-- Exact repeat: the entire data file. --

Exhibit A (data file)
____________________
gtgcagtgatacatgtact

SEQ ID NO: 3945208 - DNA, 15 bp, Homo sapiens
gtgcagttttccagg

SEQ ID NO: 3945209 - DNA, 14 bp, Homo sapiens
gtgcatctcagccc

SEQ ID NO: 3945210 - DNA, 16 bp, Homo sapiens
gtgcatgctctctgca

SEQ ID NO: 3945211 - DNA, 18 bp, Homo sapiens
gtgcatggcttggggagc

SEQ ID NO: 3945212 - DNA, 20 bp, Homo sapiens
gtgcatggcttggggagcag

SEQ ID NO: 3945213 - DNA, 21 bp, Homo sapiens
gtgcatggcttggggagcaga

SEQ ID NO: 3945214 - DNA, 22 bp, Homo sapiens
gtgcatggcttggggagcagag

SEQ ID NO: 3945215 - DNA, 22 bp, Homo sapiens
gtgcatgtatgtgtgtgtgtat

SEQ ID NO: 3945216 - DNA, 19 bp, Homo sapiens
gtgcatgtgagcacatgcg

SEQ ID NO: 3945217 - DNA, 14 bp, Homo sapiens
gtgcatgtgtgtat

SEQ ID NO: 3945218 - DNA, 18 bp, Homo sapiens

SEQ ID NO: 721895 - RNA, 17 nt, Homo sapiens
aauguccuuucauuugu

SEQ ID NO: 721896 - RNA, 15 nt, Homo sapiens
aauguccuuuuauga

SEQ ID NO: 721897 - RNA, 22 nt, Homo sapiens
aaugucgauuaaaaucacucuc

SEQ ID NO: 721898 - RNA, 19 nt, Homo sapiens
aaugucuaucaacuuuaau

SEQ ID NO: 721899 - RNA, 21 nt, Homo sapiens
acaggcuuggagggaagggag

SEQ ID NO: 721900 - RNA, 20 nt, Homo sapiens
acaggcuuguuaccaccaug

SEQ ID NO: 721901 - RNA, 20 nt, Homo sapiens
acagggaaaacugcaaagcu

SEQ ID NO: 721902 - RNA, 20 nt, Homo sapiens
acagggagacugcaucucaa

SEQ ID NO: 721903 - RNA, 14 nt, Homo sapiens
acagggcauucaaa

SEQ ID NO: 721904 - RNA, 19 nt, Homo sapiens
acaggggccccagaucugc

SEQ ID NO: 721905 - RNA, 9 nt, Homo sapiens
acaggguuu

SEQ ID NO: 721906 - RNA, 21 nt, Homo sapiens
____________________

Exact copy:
gtgcagtgatacatgtact

SEQ ID NO: 3945208 - DNA, 15 bp, Homo sapiens
gtgcagttttccagg

SEQ ID NO: 3945209 - DNA, 14 bp, Homo sapiens
gtgcatctcagccc

SEQ ID NO: 3945210 - DNA, 16 bp, Homo sapiens
gtgcatgctctctgca

SEQ ID NO: 3945211 - DNA, 18 bp, Homo sapiens
gtgcatggcttggggagc

SEQ ID NO: 3945212 - DNA, 20 bp, Homo sapiens
gtgcatggcttggggagcag

SEQ ID NO: 3945213 - DNA, 21 bp, Homo sapiens
gtgcatggcttggggagcaga

SEQ ID NO: 3945214 - DNA, 22 bp, Homo sapiens
gtgcatggcttggggagcagag

SEQ ID NO: 3945215 - DNA, 22 bp, Homo sapiens
gtgcatgtatgtgtgtgtgtat

SEQ ID NO: 3945216 - DNA, 19 bp, Homo sapiens
gtgcatgtgagcacatgcg

SEQ ID NO: 3945217 - DNA, 14 bp, Homo sapiens
gtgcatgtgtgtat

SEQ ID NO: 3945218 - DNA, 18 bp, Homo sapiens

SEQ ID NO: 721895 - RNA, 17 nt, Homo sapiens
aauguccuuucauuugu

SEQ ID NO: 721896 - RNA, 15 nt, Homo sapiens
aauguccuuuuauga

SEQ ID NO: 721897 - RNA, 22 nt, Homo sapiens
aaugucgauuaaaaucacucuc

SEQ ID NO: 721898 - RNA, 19 nt, Homo sapiens
aaugucuaucaacuuuaau

SEQ ID NO: 721899 - RNA, 21 nt, Homo sapiens
acaggcuuggagggaagggag

SEQ ID NO: 721900 - RNA, 20 nt, Homo sapiens
acaggcuuguuaccaccaug

SEQ ID NO: 721901 - RNA, 20 nt, Homo sapiens
acagggaaaacugcaaagcu

SEQ ID NO: 721902 - RNA, 20 nt, Homo sapiens
acagggagacugcaucucaa

SEQ ID NO: 721903 - RNA, 14 nt, Homo sapiens
acagggcauucaaa

SEQ ID NO: 721904 - RNA, 19 nt, Homo sapiens
acaggggccccagaucugc

SEQ ID NO: 721905 - RNA, 9 nt, Homo sapiens
acaggguuu

SEQ ID NO: 721906 - RNA, 21 nt, Homo sapiens